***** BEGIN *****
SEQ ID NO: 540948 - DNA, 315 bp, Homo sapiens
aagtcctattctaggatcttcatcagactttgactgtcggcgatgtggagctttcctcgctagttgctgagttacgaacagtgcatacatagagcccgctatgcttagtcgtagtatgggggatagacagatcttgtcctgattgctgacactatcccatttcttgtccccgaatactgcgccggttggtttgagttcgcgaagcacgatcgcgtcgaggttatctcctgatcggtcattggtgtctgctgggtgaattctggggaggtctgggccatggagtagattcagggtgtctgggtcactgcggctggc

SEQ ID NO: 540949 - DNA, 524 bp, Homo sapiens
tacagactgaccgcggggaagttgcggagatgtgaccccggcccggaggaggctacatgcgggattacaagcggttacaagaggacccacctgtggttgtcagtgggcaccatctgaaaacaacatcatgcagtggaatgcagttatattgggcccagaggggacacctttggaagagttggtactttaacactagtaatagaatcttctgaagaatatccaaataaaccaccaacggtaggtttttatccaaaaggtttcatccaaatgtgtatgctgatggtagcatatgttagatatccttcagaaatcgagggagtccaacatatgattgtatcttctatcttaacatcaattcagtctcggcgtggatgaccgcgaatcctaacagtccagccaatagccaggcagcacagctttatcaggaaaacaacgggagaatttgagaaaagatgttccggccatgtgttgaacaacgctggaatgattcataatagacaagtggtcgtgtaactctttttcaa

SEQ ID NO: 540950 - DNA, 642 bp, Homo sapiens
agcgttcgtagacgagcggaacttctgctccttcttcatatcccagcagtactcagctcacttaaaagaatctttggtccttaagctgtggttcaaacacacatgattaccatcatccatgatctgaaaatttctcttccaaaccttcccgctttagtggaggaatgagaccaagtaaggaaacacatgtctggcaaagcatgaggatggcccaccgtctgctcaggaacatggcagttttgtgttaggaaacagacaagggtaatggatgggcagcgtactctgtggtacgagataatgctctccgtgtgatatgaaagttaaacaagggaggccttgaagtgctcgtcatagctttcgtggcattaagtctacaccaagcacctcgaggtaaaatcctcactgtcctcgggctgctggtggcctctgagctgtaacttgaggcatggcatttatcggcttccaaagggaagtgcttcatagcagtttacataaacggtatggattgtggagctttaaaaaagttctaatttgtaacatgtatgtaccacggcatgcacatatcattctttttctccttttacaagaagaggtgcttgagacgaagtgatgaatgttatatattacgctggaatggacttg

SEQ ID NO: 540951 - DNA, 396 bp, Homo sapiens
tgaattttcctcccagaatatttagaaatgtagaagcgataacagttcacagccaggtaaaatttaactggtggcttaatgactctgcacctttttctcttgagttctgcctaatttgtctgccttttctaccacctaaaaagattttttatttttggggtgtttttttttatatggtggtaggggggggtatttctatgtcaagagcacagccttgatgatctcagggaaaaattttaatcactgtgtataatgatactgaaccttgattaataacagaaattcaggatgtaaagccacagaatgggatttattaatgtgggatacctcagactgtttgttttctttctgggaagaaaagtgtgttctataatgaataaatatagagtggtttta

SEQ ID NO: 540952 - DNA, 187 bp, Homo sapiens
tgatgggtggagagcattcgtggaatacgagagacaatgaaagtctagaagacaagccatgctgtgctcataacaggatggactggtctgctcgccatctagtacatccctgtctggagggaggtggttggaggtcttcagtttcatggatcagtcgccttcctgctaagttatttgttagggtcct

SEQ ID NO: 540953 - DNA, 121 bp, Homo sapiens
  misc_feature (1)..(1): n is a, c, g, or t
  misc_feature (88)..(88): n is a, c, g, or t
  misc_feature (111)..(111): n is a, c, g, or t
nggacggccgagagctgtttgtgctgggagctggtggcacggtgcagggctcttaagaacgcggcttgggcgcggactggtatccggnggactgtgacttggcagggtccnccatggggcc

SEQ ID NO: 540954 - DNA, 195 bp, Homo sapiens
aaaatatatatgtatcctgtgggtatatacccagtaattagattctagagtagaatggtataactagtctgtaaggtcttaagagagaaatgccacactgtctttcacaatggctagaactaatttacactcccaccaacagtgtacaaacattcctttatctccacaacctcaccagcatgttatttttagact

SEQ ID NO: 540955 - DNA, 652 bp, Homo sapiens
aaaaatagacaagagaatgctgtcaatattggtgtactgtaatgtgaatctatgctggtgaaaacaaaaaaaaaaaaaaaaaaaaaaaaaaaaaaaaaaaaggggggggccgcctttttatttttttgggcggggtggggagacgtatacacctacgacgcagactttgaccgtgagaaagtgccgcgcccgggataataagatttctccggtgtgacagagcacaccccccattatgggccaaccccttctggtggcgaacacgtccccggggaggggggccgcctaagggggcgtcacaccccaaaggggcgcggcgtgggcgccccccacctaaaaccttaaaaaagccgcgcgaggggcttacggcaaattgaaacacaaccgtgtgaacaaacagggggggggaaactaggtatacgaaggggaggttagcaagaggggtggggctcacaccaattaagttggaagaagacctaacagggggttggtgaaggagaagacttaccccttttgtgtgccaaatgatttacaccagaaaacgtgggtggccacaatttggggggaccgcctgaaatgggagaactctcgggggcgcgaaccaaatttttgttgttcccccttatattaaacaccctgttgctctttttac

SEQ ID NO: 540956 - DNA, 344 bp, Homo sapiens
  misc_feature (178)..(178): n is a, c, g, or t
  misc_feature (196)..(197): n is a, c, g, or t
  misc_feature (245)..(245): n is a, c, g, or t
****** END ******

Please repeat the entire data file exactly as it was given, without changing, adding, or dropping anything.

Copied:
SEQ ID NO: 540948 - DNA, 315 bp, Homo sapiens
aagtcctattctaggatcttcatcagactttgactgtcggcgatgtggagctttcctcgctagttgctgagttacgaacagtgcatacatagagcccgctatgcttagtcgtagtatgggggatagacagatcttgtcctgattgctgacactatcccatttcttgtccccgaatactgcgccggttggtttgagttcgcgaagcacgatcgcgtcgaggttatctcctgatcggtcattggtgtctgctgggtgaattctggggaggtctgggccatggagtagattcagggtgtctgggtcactgcggctggc

SEQ ID NO: 540949 - DNA, 524 bp, Homo sapiens
tacagactgaccgcggggaagttgcggagatgtgaccccggcccggaggaggctacatgcgggattacaagcggttacaagaggacccacctgtggttgtcagtgggcaccatctgaaaacaacatcatgcagtggaatgcagttatattgggcccagaggggacacctttggaagagttggtactttaacactagtaatagaatcttctgaagaatatccaaataaaccaccaacggtaggtttttatccaaaaggtttcatccaaatgtgtatgctgatggtagcatatgttagatatccttcagaaatcgagggagtccaacatatgattgtatcttctatcttaacatcaattcagtctcggcgtggatgaccgcgaatcctaacagtccagccaatagccaggcagcacagctttatcaggaaaacaacgggagaatttgagaaaagatgttccggccatgtgttgaacaacgctggaatgattcataatagacaagtggtcgtgtaactctttttcaa

SEQ ID NO: 540950 - DNA, 642 bp, Homo sapiens
agcgttcgtagacgagcggaacttctgctccttcttcatatcccagcagtactcagctcacttaaaagaatctttggtccttaagctgtggttcaaacacacatgattaccatcatccatgatctgaaaatttctcttccaaaccttcccgctttagtggaggaatgagaccaagtaaggaaacacatgtctggcaaagcatgaggatggcccaccgtctgctcaggaacatggcagttttgtgttaggaaacagacaagggtaatggatgggcagcgtactctgtggtacgagataatgctctccgtgtgatatgaaagttaaacaagggaggccttgaagtgctcgtcatagctttcgtggcattaagtctacaccaagcacctcgaggtaaaatcctcactgtcctcgggctgctggtggcctctgagctgtaacttgaggcatggcatttatcggcttccaaagggaagtgcttcatagcagtttacataaacggtatggattgtggagctttaaaaaagttctaatttgtaacatgtatgtaccacggcatgcacatatcattctttttctccttttacaagaagaggtgcttgagacgaagtgatgaatgttatatattacgctggaatggacttg

SEQ ID NO: 540951 - DNA, 396 bp, Homo sapiens
tgaattttcctcccagaatatttagaaatgtagaagcgataacagttcacagccaggtaaaatttaactggtggcttaatgactctgcacctttttctcttgagttctgcctaatttgtctgccttttctaccacctaaaaagattttttatttttggggtgtttttttttatatggtggtaggggggggtatttctatgtcaagagcacagccttgatgatctcagggaaaaattttaatcactgtgtataatgatactgaaccttgattaataacagaaattcaggatgtaaagccacagaatgggatttattaatgtgggatacctcagactgtttgttttctttctgggaagaaaagtgtgttctataatgaataaatatagagtggtttta

SEQ ID NO: 540952 - DNA, 187 bp, Homo sapiens
tgatgggtggagagcattcgtggaatacgagagacaatgaaagtctagaagacaagccatgctgtgctcataacaggatggactggtctgctcgccatctagtacatccctgtctggagggaggtggttggaggtcttcagtttcatggatcagtcgccttcctgctaagttatttgttagggtcct

SEQ ID NO: 540953 - DNA, 121 bp, Homo sapiens
  misc_feature (1)..(1): n is a, c, g, or t
  misc_feature (88)..(88): n is a, c, g, or t
  misc_feature (111)..(111): n is a, c, g, or t
nggacggccgagagctgtttgtgctgggagctggtggcacggtgcagggctcttaagaacgcggcttgggcgcggactggtatccggnggactgtgacttggcagggtccnccatggggcc

SEQ ID NO: 540954 - DNA, 195 bp, Homo sapiens
aaaatatatatgtatcctgtgggtatatacccagtaattagattctagagtagaatggtataactagtctgtaaggtcttaagagagaaatgccacactgtctttcacaatggctagaactaatttacactcccaccaacagtgtacaaacattcctttatctccacaacctcaccagcatgttatttttagact

SEQ ID NO: 540955 - DNA, 652 bp, Homo sapiens
aaaaatagacaagagaatgctgtcaatattggtgtactgtaatgtgaatctatgctggtgaaaacaaaaaaaaaaaaaaaaaaaaaaaaaaaaaaaaaaaaggggggggccgcctttttatttttttgggcggggtggggagacgtatacacctacgacgcagactttgaccgtgagaaagtgccgcgcccgggataataagatttctccggtgtgacagagcacaccccccattatgggccaaccccttctggtggcgaacacgtccccggggaggggggccgcctaagggggcgtcacaccccaaaggggcgcggcgtgggcgccccccacctaaaaccttaaaaaagccgcgcgaggggcttacggcaaattgaaacacaaccgtgtgaacaaacagggggggggaaactaggtatacgaaggggaggttagcaagaggggtggggctcacaccaattaagttggaagaagacctaacagggggttggtgaaggagaagacttaccccttttgtgtgccaaatgatttacaccagaaaacgtgggtggccacaatttggggggaccgcctgaaatgggagaactctcgggggcgcgaaccaaatttttgttgttcccccttatattaaacaccctgttgctctttttac

SEQ ID NO: 540956 - DNA, 344 bp, Homo sapiens
  misc_feature (178)..(178): n is a, c, g, or t
  misc_feature (196)..(197): n is a, c, g, or t
  misc_feature (245)..(245): n is a, c, g, or t